Moreover, the mandrel of the invention can be of simple construction and light in weight so that a turret of a printing machine holding a plurality of mandrels can be indexed at greater speed, resulting in a higher output of the machine, than would be the case if the turret were fitted with mandrels of heavier construction.
Embodiments of the invention will now be described, by way of example, with reference to the accompanying drawings, in which:
FIG. 1 is a sectional elevation view of a multi-cylinder flexographic printing machine fitted with mandrels for supporting cylindrical containers in accordance with the invention,
FIG. 2 is a sectional elevation view, on a larger scale, of part of the machine of FIG. 1, showing one of the mandrels and its supporting and drive mechanism,
FIG. 3 is a plan view of an air distribution ring which controls the supply of air under pressure and the application of vacuum to conduits in the mandrels on the turret in accordance with rotation of the turret,
FIG. 4 is a detail view of a modified construction of centering ring between the mandrel and the closed end of a container on the mandrel,
FIG. 5 is a detail view of a modified construction of centering ring between the mandrel and the open end of a container on the mandrel, and
FIG. 6 illustrates a mandrel according to the invention suitable for use with a frusto-conical container shown mounted in position on the mandrel.
The multi-cylinder flexographic printing machine shown in FIG. 1 is substantially the same as the printing machine shown and described in British patent specification No. 1,316,272 except that the turret is fitted with mandrels in accordance with the present invention. A brief description of the construction and operation of the printing machine is given hereinafter to facilitate understanding of the operation of the mandrels illustrated in the drawings, but the same reference numerals have been used to identify similar parts of the two printing machines and reference may be made to British patent specification No. 1,316,272 for a fuller description of the parts of the machine not connected with the mandrels.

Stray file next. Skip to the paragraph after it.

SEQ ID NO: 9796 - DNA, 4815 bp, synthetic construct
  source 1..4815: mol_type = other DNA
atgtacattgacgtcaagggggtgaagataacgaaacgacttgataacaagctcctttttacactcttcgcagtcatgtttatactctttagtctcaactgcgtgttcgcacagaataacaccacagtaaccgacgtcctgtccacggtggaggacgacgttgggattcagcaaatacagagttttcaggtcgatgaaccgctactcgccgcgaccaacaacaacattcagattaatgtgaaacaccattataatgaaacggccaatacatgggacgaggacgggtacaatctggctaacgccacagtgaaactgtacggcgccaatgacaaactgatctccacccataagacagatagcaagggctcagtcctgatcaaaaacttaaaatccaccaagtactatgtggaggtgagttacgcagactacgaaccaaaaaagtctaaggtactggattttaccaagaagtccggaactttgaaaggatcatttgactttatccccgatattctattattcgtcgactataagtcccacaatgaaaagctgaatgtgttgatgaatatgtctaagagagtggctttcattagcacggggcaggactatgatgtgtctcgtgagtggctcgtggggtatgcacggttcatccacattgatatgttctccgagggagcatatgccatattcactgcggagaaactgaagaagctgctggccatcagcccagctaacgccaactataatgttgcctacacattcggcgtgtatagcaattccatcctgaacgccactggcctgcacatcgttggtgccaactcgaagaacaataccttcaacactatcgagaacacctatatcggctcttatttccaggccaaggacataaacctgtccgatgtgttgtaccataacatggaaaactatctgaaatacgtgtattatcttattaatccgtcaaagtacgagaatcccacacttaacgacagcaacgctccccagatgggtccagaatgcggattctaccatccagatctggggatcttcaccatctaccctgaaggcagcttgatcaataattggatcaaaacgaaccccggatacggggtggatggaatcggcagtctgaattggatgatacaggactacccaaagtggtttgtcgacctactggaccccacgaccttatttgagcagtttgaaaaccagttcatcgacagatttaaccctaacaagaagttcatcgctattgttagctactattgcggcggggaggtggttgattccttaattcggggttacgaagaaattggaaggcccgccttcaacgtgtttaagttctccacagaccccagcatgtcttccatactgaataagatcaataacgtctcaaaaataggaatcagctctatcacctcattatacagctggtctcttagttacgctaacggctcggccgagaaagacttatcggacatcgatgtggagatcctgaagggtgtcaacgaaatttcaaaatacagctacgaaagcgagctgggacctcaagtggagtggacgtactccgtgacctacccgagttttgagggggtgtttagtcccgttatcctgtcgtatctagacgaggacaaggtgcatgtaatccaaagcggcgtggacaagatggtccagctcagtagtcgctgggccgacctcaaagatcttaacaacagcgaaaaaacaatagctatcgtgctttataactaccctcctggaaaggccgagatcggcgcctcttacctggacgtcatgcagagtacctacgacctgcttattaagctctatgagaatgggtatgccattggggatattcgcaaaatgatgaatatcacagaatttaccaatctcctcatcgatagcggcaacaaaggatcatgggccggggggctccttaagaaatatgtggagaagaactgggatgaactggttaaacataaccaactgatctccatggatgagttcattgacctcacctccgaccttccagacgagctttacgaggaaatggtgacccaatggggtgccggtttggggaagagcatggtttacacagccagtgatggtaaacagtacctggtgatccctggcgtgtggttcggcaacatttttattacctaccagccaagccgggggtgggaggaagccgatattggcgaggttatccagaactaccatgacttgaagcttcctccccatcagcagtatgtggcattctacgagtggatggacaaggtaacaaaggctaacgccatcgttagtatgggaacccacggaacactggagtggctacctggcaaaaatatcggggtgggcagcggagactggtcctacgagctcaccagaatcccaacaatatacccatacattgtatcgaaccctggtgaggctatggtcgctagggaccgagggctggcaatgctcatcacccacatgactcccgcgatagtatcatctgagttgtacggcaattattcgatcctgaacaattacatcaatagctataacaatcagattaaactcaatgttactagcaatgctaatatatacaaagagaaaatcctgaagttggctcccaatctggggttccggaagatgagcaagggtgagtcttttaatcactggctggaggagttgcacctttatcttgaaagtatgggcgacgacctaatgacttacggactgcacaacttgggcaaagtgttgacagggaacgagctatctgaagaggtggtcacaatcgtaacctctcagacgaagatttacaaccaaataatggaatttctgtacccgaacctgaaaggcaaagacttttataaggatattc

Referring now to the drawings of the present application, the machine shown in FIG. 1 comprises a base 10 having a peripheral wall 11, several printing cylinders 12 mounted one at each of separate printing stations B spaced apart around the outside of the wall 11, a turret 13 rotatably mounted on a vertical spindle 14 on the base 10, the turret having a plurality of mandrels 15 spaced at equal angular intervals around the periphery of the turrret, a master gear unit 16 rotatably mounted on the turret and adapted to rotate the printing cylinders 12 and mandrels 15 in synchronism, and a Geneva indexing mechanism 17 operable to index the turret in one direction of rotation to register each mandrel in turn at a loading station A (FIG. 3), each of the above mentioned printing stations B, each of several drying stations C disposed one between each adjcent pair of printing stations, a final drying station X, and then at an unloading station Y. The containers to be printed are mounted on the mandrels. An air distribution ring 100 fixed to the frame of the machine controls supply of air under pressure and the application of vacuum to conduits leading to the mandrels to hold and support containers mounted on the mandrels in accordance with rotation of the turret as hereinafter described.